3. Post-operative pain (FLACC scale) [ Time Frame: At First hour after arrival in ward following surgery ]
    Post-operative pain will be measured by blinded on duty doctor using Face Leg Activity Cry Consolability (FLACC) scale. Postoperative pain will be measured by using FLACC pain scale by blinded observer at first hour postoperatively taking time of arrival in the ward as zero hour

  4. Post-operative pain (FLACC scale) [ Time Frame: At 6th hour after arrival in ward following surgery ]
    Post-operative pain will be measured by blinded on duty doctor using Face Leg Activity Cry Consolability (FLACC) scale. Postoperative pain will be measured by using FLACC pain scale by blinded observer at 6th hour postoperatively taking time of arrival in the ward as zero hour.

  5. Post-operative pain (FLACC scale) [ Time Frame: At 12th hour after arrival in ward following surgery ]
    Post-operative pain will be measured by blinded on duty doctor using Face Leg Activity Cry Consolability (FLACC) scale. Postoperative pain will be measured by using FLACC pain scale by blinded observer at 12th hour postoperatively taking time of arrival in the ward as zero hour.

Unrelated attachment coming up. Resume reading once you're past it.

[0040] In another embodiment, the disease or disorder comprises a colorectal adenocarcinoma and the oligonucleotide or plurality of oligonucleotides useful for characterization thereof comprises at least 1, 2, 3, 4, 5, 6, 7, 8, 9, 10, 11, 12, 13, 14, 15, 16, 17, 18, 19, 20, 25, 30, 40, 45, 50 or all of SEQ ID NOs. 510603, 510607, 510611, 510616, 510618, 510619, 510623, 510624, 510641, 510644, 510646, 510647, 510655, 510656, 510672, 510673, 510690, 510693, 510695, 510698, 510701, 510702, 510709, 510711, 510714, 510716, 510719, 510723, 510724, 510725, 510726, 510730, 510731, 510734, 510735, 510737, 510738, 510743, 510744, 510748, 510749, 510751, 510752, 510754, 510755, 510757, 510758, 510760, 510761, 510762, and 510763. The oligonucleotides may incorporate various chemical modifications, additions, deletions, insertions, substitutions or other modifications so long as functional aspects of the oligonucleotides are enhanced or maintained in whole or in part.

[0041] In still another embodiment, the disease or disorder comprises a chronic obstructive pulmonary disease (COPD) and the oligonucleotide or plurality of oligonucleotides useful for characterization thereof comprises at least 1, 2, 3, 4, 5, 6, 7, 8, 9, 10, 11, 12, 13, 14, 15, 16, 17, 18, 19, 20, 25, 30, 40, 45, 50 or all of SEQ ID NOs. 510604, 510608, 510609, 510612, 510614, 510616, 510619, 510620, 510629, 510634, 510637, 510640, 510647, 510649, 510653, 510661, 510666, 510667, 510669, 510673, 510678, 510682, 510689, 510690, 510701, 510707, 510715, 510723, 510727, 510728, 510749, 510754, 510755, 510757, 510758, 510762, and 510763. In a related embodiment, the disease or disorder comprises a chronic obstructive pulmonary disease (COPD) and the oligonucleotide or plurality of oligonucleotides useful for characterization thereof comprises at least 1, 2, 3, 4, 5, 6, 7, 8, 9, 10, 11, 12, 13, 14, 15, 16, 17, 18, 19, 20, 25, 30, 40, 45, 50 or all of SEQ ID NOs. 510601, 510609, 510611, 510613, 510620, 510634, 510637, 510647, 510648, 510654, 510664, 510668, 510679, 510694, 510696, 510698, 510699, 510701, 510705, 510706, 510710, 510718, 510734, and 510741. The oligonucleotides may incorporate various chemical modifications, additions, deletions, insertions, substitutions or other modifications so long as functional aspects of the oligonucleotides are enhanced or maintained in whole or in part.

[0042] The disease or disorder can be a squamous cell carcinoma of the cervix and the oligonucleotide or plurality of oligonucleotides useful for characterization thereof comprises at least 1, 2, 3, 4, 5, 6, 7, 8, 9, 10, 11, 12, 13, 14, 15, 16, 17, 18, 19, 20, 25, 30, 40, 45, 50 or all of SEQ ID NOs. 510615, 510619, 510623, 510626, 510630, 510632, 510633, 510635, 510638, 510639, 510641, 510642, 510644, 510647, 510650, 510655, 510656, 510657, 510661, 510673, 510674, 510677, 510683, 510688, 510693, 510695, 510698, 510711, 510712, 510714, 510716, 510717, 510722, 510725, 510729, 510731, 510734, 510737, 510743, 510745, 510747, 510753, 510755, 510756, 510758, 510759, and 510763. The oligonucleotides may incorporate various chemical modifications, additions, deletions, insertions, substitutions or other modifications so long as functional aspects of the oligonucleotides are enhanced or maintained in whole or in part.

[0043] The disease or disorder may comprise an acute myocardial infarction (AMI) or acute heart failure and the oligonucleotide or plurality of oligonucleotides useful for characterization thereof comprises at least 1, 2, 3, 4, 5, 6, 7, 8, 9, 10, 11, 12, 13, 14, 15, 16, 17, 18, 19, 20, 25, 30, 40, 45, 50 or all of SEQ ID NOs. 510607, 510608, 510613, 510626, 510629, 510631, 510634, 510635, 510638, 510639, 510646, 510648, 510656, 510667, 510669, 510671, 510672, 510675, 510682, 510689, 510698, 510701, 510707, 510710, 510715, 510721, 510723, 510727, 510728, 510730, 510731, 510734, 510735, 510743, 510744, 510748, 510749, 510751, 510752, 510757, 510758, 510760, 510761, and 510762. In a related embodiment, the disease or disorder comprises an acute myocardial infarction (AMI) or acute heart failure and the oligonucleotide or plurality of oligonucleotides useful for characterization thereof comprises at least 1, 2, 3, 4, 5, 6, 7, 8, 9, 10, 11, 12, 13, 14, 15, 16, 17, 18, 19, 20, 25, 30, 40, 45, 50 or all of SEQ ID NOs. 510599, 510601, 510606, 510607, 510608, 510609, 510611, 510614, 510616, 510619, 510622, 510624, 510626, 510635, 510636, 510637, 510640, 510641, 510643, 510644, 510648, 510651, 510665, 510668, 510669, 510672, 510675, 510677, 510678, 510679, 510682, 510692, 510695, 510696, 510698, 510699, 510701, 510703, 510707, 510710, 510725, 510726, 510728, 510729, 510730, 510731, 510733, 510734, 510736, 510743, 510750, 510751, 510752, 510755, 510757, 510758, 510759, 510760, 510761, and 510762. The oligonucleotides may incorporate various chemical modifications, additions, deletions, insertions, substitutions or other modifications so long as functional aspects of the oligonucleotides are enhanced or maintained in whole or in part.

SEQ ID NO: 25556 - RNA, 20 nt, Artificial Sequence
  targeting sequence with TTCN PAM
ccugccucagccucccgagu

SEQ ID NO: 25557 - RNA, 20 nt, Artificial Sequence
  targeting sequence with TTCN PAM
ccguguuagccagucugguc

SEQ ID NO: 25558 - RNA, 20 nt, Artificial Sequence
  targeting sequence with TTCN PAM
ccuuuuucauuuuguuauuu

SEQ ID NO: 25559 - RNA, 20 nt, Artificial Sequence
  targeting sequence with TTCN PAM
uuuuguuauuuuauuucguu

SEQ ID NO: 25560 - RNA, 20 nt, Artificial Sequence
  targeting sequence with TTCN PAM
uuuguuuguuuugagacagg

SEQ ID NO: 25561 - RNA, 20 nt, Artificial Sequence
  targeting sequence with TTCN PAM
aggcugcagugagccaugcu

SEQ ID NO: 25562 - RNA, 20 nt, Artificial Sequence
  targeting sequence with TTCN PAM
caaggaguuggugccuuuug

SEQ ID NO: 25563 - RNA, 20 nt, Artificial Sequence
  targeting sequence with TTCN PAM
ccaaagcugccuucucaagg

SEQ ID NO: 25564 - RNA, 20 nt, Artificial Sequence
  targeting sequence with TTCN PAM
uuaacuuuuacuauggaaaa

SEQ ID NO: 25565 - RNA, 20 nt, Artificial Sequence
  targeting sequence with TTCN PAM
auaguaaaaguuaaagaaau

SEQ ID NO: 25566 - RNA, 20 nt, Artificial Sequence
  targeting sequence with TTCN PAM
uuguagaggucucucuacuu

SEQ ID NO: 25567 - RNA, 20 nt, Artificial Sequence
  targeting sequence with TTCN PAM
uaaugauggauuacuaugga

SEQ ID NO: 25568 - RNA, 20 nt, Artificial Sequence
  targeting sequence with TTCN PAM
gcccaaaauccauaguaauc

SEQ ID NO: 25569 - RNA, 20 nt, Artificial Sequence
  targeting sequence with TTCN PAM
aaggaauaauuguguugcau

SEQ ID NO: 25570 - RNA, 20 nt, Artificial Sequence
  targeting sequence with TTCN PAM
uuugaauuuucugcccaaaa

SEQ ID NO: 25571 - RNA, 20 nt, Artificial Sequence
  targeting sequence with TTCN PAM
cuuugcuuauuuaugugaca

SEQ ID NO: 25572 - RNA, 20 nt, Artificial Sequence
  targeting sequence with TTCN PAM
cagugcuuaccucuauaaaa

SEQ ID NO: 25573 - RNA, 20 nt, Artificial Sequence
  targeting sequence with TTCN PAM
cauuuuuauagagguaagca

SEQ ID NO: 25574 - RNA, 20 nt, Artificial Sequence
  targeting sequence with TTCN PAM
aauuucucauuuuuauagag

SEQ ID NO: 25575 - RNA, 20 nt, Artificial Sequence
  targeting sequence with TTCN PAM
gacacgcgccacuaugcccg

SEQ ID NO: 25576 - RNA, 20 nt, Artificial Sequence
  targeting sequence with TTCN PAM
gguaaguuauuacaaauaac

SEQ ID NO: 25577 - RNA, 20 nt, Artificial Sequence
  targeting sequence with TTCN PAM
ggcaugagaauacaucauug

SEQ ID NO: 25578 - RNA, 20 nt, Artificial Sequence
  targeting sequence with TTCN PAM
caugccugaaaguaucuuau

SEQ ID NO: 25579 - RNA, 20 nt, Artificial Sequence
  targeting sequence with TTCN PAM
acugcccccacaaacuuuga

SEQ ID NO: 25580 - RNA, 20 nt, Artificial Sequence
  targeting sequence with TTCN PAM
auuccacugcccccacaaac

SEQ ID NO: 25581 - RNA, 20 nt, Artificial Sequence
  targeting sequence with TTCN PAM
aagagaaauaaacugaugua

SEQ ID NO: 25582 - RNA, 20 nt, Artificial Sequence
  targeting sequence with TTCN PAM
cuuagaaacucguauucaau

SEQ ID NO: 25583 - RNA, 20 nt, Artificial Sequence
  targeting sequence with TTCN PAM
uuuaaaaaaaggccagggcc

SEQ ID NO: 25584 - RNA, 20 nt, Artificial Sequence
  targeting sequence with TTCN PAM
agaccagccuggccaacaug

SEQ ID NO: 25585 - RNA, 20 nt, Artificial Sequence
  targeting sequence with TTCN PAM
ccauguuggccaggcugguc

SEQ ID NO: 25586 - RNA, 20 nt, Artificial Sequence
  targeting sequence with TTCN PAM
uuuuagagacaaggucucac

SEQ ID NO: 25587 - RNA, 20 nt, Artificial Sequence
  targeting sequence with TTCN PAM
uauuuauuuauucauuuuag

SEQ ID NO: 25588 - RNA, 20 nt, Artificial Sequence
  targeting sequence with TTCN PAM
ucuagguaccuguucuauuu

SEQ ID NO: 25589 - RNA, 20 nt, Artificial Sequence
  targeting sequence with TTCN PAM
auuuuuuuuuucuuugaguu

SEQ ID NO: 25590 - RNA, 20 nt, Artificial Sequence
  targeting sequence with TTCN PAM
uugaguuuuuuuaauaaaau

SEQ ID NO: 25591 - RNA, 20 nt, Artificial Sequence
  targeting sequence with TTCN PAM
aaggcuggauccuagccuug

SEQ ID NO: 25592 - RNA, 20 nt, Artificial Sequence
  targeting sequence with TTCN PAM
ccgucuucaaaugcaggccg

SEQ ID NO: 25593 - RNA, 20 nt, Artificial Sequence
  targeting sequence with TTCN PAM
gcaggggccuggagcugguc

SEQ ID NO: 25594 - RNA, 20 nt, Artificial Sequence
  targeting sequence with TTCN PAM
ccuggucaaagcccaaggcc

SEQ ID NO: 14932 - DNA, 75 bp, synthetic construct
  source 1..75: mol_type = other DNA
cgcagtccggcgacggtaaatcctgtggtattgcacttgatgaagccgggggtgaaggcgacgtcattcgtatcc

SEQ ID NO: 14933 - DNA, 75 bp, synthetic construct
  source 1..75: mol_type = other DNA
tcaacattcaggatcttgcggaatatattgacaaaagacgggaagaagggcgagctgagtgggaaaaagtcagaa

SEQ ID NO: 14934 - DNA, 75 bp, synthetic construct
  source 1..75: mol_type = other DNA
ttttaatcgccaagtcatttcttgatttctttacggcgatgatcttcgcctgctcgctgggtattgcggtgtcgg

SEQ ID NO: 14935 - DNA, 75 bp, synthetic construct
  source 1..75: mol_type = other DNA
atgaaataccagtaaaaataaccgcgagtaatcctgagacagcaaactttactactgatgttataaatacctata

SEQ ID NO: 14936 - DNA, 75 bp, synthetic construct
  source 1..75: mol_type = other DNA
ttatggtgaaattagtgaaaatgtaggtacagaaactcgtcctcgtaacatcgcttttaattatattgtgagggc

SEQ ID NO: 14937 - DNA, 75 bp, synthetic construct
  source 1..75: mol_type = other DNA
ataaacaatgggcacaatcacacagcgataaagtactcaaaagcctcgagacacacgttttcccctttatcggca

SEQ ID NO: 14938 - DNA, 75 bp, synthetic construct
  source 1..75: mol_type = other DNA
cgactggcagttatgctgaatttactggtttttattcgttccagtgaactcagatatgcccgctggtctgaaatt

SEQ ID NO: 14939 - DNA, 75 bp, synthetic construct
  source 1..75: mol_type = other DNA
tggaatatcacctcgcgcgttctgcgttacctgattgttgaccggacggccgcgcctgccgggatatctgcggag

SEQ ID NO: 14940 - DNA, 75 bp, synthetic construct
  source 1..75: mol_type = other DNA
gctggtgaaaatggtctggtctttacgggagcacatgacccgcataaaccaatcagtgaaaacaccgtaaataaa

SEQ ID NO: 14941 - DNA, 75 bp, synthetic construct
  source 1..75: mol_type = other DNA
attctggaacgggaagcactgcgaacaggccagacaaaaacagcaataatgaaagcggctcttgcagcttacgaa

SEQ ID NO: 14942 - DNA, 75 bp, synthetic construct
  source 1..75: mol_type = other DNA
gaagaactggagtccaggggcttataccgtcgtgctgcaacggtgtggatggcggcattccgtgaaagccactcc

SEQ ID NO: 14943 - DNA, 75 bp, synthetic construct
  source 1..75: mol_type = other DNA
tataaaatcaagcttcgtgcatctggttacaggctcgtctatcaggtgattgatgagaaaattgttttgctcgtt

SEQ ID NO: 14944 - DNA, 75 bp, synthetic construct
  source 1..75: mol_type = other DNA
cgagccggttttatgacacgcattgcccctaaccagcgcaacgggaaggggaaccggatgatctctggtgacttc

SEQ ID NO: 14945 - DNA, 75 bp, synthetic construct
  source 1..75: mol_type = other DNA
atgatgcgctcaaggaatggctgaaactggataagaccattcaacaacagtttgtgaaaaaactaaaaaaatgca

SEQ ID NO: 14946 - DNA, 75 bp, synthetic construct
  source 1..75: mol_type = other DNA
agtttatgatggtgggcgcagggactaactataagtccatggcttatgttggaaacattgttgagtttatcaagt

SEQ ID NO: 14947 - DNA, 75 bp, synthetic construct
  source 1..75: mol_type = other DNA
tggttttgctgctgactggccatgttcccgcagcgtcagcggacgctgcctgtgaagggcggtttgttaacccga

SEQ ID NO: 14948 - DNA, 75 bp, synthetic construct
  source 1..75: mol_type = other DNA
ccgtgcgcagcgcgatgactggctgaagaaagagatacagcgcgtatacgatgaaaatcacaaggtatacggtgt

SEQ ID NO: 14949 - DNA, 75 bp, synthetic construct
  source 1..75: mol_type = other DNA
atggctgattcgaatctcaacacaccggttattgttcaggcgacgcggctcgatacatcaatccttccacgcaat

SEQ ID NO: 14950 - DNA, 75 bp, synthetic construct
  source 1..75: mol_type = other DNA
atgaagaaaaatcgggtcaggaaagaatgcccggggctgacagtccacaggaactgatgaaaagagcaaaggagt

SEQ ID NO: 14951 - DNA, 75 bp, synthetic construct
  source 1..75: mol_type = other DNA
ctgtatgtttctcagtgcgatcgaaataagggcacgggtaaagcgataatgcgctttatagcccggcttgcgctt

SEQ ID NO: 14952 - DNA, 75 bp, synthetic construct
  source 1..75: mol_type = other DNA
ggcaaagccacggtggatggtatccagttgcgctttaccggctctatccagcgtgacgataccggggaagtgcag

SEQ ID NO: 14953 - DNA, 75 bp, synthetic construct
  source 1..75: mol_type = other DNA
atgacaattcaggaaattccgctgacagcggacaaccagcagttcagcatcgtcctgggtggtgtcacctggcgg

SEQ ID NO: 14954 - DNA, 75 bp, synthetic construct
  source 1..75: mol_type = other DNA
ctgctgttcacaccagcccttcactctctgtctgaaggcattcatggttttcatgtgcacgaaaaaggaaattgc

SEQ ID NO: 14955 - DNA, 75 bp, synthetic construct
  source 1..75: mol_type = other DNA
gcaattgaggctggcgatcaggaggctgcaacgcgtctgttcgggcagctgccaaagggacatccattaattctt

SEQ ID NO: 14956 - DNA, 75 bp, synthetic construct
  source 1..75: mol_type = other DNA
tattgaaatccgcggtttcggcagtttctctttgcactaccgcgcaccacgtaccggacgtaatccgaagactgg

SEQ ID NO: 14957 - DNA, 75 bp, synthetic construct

6. Post-operative pain (FLACC scale) [ Time Frame: At 24th hour after arrival in ward following surgery ]
    Post-operative pain will be measured by blinded on duty doctor using Face Leg Activity Cry Consolability (FLACC) scale. Postoperative pain will be measured by using FLACC pain scale by blinded observer at 24th hour postoperatively taking time of arrival in the ward as zero hour.



Information from the National Library of Medicine

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Ages Eligible for Study:   3 Years to 12 Years   (Child)
Sexes Eligible for Study:   All
Accepts Healthy Volunteers:   No
Criteria

Inclusion Criteria:

  • Children with post burn flexion contractures involving volar aspect of palm and fingers